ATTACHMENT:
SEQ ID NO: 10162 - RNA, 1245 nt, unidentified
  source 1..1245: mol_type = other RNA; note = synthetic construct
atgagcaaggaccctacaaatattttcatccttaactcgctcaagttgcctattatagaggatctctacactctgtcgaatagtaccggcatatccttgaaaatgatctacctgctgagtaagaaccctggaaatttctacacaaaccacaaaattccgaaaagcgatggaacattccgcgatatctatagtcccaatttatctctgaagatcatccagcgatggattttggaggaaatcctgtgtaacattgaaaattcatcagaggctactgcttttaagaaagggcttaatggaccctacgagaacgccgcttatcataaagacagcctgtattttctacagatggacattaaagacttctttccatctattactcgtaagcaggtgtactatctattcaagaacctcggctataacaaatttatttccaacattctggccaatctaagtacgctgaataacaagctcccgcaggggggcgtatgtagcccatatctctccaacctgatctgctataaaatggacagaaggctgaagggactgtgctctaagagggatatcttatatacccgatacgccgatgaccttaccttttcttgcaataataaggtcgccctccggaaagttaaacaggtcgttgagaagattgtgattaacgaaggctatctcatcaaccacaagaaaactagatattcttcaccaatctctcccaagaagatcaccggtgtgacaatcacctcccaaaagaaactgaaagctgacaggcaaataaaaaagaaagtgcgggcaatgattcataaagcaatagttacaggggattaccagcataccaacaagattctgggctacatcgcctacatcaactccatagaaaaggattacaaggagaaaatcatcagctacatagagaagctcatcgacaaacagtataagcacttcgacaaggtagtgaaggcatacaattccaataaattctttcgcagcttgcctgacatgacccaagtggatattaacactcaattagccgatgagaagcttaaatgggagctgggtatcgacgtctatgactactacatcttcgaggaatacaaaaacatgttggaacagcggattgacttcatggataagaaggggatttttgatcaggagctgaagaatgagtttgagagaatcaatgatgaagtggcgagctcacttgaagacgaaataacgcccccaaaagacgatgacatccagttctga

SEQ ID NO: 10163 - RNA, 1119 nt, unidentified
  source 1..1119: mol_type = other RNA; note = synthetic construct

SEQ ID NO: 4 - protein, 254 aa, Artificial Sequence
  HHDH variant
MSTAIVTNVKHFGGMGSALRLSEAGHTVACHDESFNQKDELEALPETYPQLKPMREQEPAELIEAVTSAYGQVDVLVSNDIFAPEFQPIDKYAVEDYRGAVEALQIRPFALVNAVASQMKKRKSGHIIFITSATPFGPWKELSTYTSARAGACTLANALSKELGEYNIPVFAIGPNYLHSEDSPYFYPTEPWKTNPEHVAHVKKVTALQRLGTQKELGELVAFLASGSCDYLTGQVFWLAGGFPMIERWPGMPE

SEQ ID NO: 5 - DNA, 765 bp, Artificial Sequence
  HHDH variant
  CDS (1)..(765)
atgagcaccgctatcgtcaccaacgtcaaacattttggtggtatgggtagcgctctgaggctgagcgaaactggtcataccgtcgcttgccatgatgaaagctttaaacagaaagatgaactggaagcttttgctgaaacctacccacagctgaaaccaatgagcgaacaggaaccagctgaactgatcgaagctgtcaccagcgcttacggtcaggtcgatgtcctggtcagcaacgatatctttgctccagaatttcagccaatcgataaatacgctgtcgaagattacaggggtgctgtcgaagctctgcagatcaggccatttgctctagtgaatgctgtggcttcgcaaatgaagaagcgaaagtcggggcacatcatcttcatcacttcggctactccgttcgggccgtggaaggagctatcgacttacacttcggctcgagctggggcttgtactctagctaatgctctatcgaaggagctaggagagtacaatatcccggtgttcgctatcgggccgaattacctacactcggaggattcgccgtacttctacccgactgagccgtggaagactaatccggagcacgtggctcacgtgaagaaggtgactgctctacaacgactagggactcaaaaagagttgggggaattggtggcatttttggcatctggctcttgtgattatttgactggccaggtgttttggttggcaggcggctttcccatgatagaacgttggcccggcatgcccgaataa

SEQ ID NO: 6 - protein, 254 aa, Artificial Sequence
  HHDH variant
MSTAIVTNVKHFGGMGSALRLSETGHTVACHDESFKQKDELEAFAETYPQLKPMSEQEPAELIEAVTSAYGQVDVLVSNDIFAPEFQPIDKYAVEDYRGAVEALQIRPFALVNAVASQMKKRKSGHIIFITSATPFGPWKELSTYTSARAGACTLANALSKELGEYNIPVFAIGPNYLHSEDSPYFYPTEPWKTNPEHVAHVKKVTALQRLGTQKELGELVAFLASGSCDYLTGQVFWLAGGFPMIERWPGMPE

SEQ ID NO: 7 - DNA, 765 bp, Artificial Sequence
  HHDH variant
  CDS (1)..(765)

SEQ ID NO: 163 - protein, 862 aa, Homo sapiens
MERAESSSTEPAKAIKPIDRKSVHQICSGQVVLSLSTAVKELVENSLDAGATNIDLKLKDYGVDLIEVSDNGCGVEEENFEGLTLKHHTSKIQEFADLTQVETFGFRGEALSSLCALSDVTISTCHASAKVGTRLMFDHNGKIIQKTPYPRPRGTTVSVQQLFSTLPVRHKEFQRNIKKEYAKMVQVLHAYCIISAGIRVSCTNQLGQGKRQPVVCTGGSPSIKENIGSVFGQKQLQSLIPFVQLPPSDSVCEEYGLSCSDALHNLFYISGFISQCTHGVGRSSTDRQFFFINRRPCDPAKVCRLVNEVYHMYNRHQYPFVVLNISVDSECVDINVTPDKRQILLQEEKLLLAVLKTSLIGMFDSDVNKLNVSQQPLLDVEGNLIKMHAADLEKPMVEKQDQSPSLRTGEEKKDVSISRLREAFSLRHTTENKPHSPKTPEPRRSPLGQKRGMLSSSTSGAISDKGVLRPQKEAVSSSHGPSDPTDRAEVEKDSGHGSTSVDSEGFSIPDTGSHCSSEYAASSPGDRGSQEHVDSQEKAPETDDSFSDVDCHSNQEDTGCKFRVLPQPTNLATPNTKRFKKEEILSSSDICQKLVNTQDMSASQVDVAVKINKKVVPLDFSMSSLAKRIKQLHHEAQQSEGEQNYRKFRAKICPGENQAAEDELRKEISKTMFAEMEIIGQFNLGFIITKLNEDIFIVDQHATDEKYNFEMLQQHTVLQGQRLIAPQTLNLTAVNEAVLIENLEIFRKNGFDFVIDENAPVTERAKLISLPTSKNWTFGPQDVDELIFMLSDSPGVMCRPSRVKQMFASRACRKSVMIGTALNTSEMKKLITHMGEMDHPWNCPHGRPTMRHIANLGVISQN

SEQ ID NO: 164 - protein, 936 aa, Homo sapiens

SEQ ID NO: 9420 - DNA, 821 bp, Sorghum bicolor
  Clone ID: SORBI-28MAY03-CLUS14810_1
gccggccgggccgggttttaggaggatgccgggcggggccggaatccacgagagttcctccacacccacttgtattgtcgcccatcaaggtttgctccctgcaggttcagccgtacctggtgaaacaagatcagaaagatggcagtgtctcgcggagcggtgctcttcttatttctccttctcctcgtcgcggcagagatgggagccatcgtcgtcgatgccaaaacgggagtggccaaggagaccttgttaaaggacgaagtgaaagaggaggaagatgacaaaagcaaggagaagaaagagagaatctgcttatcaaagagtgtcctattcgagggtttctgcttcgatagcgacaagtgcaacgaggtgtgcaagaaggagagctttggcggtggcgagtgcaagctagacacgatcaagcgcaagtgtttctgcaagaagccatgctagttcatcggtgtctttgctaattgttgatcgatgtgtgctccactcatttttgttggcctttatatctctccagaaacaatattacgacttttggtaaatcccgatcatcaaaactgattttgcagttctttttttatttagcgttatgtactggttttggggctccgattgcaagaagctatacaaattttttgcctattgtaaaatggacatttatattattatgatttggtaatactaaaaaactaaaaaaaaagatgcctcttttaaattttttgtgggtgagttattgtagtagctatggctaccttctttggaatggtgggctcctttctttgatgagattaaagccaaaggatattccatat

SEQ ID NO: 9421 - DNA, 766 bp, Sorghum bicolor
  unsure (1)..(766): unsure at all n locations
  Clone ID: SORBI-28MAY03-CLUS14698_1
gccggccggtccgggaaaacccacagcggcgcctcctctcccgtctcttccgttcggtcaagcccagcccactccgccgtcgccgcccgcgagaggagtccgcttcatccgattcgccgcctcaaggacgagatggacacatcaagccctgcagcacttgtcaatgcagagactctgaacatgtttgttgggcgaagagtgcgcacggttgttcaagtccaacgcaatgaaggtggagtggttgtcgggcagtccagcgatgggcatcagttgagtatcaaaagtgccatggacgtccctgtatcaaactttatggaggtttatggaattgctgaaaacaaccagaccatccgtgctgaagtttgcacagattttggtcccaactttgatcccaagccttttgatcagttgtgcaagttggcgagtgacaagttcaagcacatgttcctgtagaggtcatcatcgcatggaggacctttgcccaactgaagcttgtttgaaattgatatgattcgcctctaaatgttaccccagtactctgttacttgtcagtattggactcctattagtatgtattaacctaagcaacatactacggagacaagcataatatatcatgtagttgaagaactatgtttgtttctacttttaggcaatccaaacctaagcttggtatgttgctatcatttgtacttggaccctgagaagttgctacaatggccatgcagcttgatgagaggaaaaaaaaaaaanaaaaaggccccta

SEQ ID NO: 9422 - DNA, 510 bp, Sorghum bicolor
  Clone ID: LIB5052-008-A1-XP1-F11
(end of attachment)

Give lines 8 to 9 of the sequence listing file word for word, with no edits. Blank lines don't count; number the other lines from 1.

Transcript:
MSTAIVTNVKHFGGMGSALRLSEAGHTVACHDESFNQKDELEALPETYPQLKPMREQEPAELIEAVTSAYGQVDVLVSNDIFAPEFQPIDKYAVEDYRGAVEALQIRPFALVNAVASQMKKRKSGHIIFITSATPFGPWKELSTYTSARAGACTLANALSKELGEYNIPVFAIGPNYLHSEDSPYFYPTEPWKTNPEHVAHVKKVTALQRLGTQKELGELVAFLASGSCDYLTGQVFWLAGGFPMIERWPGMPE

SEQ ID NO: 5 - DNA, 765 bp, Artificial Sequence